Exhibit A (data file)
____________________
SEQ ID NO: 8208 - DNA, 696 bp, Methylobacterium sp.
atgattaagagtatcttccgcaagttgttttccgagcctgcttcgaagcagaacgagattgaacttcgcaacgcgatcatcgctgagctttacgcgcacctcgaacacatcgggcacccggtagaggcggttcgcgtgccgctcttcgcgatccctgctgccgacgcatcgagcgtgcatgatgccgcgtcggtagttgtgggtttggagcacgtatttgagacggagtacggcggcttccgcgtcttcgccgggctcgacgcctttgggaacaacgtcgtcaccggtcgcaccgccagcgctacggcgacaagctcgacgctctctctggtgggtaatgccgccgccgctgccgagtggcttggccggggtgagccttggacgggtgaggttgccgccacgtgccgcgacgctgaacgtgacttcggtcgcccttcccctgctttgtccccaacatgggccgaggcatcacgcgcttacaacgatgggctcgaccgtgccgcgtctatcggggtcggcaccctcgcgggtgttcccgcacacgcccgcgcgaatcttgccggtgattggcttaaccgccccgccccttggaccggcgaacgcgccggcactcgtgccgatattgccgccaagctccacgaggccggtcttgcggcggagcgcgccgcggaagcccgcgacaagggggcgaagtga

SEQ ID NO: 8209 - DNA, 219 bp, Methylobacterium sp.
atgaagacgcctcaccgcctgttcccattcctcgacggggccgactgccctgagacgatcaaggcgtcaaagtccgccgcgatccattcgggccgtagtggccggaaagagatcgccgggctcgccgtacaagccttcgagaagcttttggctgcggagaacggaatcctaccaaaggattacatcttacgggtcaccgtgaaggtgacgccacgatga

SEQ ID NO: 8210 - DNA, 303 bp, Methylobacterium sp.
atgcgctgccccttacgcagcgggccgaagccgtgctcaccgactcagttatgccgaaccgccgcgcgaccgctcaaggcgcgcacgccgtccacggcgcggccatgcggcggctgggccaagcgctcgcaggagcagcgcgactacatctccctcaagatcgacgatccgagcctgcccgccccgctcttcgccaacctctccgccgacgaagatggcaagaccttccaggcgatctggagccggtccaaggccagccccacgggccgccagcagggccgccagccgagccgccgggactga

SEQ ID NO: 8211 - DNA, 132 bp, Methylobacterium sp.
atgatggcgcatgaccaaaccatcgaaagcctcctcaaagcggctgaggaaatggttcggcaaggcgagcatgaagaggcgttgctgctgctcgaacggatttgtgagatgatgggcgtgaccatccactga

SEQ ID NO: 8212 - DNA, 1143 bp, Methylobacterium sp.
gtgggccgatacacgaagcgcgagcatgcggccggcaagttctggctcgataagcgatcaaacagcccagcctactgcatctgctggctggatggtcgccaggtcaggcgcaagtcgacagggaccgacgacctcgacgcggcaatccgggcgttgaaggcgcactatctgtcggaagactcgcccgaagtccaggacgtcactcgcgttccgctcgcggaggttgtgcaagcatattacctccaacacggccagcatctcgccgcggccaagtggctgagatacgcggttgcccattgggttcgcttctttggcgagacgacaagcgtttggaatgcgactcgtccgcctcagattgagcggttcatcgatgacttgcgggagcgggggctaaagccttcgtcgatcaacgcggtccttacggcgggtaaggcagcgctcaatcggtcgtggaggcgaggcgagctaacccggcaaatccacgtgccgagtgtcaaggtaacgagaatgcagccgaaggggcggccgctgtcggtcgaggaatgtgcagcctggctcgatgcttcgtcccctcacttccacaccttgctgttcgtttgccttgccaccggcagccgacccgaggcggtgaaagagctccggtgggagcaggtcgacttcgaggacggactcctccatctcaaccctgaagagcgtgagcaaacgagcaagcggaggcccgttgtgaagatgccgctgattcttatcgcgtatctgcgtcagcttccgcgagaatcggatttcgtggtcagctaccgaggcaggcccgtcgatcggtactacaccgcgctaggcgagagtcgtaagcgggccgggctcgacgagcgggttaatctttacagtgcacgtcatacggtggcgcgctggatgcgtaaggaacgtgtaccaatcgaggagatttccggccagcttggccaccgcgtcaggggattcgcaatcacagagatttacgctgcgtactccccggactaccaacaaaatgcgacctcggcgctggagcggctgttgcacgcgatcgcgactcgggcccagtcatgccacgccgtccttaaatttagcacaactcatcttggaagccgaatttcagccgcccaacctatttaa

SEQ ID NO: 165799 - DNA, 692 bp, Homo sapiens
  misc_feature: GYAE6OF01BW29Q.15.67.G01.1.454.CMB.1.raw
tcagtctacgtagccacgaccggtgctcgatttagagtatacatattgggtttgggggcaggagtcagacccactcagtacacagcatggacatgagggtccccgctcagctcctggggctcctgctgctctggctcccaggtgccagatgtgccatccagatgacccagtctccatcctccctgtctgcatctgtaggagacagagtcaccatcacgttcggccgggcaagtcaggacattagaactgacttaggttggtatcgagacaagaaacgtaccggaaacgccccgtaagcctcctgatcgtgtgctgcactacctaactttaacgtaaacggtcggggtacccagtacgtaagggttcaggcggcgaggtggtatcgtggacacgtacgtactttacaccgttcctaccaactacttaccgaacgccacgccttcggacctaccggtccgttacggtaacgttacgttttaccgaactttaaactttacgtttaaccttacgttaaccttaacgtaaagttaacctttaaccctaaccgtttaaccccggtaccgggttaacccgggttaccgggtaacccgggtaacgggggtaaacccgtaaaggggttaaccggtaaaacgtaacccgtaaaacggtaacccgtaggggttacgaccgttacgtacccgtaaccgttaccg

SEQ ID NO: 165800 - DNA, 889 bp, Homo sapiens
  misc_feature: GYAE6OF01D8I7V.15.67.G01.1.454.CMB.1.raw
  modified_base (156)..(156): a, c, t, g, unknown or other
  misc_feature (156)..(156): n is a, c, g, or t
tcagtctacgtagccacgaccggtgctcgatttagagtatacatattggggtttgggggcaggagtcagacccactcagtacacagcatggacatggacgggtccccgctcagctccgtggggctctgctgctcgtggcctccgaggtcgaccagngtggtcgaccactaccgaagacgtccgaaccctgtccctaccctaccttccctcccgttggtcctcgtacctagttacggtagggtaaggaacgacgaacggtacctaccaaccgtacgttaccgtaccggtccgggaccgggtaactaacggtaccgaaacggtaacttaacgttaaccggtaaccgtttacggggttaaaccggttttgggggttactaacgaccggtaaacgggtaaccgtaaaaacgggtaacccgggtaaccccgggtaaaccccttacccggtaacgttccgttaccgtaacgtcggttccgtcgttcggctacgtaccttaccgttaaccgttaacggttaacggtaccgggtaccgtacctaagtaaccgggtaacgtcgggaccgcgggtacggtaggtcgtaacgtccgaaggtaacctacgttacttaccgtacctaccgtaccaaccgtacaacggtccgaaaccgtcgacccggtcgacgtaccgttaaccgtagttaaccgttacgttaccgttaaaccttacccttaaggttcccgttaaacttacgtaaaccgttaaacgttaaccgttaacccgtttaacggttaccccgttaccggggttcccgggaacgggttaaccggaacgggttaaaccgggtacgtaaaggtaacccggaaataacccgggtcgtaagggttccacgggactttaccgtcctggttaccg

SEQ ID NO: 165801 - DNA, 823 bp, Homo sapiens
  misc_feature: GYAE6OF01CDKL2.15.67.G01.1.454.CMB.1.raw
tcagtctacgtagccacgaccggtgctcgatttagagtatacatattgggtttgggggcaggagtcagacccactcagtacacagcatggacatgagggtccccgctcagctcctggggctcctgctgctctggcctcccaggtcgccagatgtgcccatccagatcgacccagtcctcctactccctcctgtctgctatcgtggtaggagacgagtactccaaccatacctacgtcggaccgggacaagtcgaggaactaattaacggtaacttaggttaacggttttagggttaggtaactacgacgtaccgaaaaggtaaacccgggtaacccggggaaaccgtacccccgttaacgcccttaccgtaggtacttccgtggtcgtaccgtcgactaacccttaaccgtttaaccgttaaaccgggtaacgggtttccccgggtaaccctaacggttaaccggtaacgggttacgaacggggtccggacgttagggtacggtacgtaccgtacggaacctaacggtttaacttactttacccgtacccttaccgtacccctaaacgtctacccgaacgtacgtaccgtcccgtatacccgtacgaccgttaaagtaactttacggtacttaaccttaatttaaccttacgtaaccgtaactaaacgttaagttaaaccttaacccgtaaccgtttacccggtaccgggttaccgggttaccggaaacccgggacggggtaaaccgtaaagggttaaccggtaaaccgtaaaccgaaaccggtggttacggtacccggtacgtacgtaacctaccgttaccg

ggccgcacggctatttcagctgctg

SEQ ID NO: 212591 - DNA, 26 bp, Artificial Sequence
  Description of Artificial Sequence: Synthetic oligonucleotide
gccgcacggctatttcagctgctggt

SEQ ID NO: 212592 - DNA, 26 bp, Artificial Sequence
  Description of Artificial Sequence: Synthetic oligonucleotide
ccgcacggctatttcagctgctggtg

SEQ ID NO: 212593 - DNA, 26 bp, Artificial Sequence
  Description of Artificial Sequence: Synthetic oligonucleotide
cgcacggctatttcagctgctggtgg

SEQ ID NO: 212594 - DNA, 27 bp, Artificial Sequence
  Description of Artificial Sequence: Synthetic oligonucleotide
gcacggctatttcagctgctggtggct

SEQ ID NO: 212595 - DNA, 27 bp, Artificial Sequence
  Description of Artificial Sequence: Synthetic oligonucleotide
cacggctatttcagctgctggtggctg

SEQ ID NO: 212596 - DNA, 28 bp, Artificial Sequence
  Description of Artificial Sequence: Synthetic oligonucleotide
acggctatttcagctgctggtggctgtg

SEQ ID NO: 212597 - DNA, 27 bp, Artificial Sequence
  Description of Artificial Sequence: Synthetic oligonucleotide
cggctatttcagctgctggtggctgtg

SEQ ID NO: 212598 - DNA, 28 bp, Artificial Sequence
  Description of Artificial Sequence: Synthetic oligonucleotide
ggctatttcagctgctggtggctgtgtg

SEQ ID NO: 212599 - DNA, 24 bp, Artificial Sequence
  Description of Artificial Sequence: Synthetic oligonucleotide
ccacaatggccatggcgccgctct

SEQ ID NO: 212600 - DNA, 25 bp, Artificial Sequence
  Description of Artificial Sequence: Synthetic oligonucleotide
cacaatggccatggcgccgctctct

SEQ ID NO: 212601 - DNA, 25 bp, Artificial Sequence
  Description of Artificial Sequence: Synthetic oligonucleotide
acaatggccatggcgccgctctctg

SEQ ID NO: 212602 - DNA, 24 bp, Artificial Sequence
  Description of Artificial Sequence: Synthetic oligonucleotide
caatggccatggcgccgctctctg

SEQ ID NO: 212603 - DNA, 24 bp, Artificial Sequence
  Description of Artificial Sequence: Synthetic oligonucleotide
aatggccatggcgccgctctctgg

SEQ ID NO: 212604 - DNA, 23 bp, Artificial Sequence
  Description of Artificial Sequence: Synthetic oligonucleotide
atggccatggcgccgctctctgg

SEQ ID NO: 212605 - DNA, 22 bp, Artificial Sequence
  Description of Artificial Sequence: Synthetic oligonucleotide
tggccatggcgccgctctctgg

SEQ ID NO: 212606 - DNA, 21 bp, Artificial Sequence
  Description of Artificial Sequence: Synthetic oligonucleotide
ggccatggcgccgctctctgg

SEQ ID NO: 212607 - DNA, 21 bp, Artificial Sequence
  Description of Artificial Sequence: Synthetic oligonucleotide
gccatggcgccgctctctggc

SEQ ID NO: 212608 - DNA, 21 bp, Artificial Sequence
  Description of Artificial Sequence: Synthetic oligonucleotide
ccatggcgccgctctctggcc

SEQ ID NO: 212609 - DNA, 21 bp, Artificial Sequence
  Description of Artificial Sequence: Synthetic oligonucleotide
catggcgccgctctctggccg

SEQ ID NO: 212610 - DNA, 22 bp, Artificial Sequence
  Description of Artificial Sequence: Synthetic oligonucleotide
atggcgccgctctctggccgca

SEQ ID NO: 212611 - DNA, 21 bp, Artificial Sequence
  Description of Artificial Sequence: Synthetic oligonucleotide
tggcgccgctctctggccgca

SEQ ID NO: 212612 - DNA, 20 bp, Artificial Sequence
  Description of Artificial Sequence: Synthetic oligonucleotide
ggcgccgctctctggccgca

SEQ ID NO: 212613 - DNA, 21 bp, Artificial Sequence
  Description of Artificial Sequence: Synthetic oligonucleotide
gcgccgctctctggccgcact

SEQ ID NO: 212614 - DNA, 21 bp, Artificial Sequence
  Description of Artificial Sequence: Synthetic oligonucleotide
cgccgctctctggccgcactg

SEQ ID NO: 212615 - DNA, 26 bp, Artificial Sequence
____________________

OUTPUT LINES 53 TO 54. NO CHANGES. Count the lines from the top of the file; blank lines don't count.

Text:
SEQ ID NO: 212601 - DNA, 25 bp, Artificial Sequence
  Description of Artificial Sequence: Synthetic oligonucleotide